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Say I have a Thread A, which wants to send signals to Threads B, C and D. Can I do something like this.

SendSignalTo( ThreadB, SIGUSR1 );
SendSignalTo( ThreadC, SIGUSR1 );
SendSignalTo( ThreadD, SIGUSR1 );

With SIGUSR1 signal handler, defined differently for Thread B, C and D, like as follows.

void SIGUSR1_Handler_for_ThreadB(...){...}
void SIGUSR1_Handler_for_ThreadC(...){...}
void SIGUSR1_Handler_for_ThreadD(...){...}

And if not, what is the alternative.

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Signals aren't really that great. On Linux, you could use eventfds for communication and have each thread run an epoll loop on its respective fd. This is also great for load balancing, as you can have multiple threads wait for the same eventfd, and precisely one is guaranteed to wake up. –  Kerrek SB Oct 10 '12 at 13:49
    
@KerrekSB That's actually a very nice solution if you don't mine the non-portability. Great find! –  San Jacinto Oct 10 '12 at 13:53

2 Answers 2

up vote 2 down vote accepted

You can send a signal to a specific thread using pthread_kill(), or if you don't mind being GNU-specific, using pthread_sigqueue() (which can specify one int or void * the handler can access via info->si_value).

There is only one signal handler per signal for the process. This means that a specific signal will always call the same handler function, no matter which thread it happens to be. If one thread sets a new signal handler, the signal handler will change for all threads.

However, the workaround is trivial: use a per-thread function pointer to define which function the signal handler should call. Just remember the signal handler limitations -- you can only use async-signal safe functions in a signal handler.

/* Simplify by defining the signal handler function type, assume SA_SIGINFO */
typedef void (*signal_handler_t)(int, siginfo_t *, void *);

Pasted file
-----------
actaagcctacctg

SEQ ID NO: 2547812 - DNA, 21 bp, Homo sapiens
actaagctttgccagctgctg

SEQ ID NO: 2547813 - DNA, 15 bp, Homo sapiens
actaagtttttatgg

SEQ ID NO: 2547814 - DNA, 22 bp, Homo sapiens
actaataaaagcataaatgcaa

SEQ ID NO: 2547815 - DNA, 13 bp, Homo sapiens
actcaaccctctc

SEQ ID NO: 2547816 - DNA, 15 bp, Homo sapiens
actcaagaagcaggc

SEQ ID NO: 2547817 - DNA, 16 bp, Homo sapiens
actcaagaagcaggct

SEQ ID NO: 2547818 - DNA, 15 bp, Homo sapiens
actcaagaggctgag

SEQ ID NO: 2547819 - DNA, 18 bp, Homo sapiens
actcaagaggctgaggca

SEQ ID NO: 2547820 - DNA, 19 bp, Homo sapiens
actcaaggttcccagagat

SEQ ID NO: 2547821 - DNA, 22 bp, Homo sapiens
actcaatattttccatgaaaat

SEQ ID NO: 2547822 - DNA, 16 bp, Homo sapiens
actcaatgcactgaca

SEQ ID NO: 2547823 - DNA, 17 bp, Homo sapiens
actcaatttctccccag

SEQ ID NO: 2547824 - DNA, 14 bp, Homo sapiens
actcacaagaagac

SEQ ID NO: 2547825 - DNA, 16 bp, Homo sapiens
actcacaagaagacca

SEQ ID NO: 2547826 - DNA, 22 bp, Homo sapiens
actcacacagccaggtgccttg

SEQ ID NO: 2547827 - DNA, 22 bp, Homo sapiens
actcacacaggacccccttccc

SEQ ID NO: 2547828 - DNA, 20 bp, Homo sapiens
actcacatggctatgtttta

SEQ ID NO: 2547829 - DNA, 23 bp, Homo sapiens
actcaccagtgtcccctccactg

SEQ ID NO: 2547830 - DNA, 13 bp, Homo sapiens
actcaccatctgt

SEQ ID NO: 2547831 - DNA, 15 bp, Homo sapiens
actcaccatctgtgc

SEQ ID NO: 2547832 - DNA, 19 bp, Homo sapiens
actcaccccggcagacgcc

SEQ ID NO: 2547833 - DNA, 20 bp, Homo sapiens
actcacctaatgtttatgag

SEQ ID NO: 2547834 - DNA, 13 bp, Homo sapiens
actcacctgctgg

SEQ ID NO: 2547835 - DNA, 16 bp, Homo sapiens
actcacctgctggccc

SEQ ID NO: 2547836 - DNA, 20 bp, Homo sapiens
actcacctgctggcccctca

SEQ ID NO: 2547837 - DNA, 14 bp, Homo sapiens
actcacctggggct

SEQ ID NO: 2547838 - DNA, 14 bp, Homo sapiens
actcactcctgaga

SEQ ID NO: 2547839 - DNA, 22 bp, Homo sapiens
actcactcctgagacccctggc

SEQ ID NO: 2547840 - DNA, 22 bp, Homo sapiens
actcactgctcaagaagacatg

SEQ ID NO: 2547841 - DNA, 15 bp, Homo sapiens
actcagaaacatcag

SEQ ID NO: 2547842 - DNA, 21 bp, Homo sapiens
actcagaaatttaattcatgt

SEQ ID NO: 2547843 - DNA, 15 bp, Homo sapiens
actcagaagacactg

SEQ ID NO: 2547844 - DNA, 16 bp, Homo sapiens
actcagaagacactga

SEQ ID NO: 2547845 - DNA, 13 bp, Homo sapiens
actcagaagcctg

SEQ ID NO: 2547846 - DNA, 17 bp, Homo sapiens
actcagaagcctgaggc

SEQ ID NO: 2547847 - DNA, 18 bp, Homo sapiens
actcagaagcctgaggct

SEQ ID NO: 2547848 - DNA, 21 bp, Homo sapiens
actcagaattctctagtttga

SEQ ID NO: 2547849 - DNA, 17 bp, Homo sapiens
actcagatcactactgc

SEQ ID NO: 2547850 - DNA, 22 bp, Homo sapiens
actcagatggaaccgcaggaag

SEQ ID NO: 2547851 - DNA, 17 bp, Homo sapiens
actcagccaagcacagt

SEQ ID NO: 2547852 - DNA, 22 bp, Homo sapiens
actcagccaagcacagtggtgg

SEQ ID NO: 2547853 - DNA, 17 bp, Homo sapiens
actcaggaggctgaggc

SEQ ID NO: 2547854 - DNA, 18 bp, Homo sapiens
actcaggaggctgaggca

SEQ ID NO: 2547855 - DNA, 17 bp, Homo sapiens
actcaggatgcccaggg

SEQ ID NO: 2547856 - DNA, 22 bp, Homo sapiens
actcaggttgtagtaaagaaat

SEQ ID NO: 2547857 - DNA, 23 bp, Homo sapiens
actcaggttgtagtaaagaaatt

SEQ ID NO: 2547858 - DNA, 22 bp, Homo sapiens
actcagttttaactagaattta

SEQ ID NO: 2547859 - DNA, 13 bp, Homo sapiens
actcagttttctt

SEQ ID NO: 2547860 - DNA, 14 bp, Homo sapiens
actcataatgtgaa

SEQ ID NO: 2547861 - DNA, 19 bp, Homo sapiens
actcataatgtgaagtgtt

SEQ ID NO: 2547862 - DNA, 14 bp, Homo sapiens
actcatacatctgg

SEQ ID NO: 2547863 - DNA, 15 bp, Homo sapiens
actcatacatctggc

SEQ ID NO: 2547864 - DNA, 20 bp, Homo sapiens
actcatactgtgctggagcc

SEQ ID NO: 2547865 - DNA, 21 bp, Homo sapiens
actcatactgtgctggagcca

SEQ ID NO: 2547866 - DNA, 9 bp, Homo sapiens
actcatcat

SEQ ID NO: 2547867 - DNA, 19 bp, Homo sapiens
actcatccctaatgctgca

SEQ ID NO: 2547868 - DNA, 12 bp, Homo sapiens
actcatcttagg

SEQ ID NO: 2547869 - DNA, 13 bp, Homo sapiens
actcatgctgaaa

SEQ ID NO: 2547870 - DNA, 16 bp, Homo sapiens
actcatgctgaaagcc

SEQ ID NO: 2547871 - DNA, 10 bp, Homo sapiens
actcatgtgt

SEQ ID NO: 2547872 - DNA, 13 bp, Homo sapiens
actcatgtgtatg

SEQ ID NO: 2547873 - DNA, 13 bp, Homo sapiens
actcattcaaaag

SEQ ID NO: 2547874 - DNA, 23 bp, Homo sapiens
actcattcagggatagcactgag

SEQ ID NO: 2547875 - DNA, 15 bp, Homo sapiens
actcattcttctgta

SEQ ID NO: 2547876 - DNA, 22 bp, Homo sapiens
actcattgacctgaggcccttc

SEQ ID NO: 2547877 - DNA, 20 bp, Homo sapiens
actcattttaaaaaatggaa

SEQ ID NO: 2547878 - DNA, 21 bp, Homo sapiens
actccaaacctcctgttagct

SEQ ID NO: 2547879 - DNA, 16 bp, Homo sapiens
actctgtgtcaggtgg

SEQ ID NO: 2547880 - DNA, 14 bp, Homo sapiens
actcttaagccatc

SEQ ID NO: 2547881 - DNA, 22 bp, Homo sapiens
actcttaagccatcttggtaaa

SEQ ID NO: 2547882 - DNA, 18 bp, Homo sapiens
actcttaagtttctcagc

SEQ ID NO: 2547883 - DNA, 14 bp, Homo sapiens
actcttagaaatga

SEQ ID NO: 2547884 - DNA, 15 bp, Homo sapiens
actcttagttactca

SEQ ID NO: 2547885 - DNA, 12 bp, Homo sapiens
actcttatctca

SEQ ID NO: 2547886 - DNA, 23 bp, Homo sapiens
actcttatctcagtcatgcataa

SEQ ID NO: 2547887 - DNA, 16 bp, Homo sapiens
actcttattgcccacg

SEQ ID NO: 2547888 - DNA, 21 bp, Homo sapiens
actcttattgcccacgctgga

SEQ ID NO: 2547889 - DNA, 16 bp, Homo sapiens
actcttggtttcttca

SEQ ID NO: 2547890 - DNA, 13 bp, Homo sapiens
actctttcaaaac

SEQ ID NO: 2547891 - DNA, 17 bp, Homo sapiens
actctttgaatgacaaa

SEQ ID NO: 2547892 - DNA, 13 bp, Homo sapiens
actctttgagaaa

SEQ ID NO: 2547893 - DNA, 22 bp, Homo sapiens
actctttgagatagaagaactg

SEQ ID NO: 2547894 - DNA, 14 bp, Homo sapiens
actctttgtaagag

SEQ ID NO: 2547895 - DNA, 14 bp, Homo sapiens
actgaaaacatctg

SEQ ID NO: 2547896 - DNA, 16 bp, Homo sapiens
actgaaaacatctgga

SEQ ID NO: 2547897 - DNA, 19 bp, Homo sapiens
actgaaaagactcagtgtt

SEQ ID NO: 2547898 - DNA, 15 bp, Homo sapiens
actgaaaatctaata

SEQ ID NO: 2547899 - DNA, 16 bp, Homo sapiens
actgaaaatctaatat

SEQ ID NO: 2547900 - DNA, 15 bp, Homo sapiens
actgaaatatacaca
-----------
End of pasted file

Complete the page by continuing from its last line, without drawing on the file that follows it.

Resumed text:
/* Per-thread variable pointing to the desired function */
static __thread signal_handler_t  thread_handler = NULL;

/* Process-wide actual signal handler */
static void signal_handler(int signum, siginfo_t *info, void *context)
{
    signal_handler_t  func;

    func = __sync_fetch_and_or(&thread_handler, (signal_handler_t)0);

    if (func)
            func(signum, info, context);
}

The atomic load (__sync_fetch_and_or()) allows you to trivially change the per-thread handler using a simple atomic store at any point in time, without even blocking the signal. Switching to function new_thread_handler is then

    signal_handler_t  func;

    do {
        func = thread_handler;
    } while (!__sync_bool_compare_and_swap(&thread_handler, func, new_thread_handler));

The __sync_fetch_and_or() and the function switch can both be replaced by one C++11-style __atomic_ call, but I don't have a GCC recent enough yet, so I'm still using the old-style __sync_ calls.

POSIX also supports real-time signals, SIGRTMIN+0, SIGRTMIN+1, .., SIGRTMAX. They have the added benefit that more than one of them can be pending at the same time. They are much better suited for this kind of thing than the traditional signals.

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Yes and no.

New to me is the pthread_kill() function that allows you to send signals to threads under the same process.

http://linux.die.net/man/3/pthread_kill

Take care to read the notes on the bottom of the page...

Signal dispositions are process-wide: if a signal handler is installed, the handler will be invoked in the thread thread, but if the disposition of the signal is "stop", "continue", or "terminate", this action will affect the whole process.

How I interpret this is that the process's handler will be called and then you can take appropriate action knowing that the handler was only invoked for that thread, as long as you meet those conditions.

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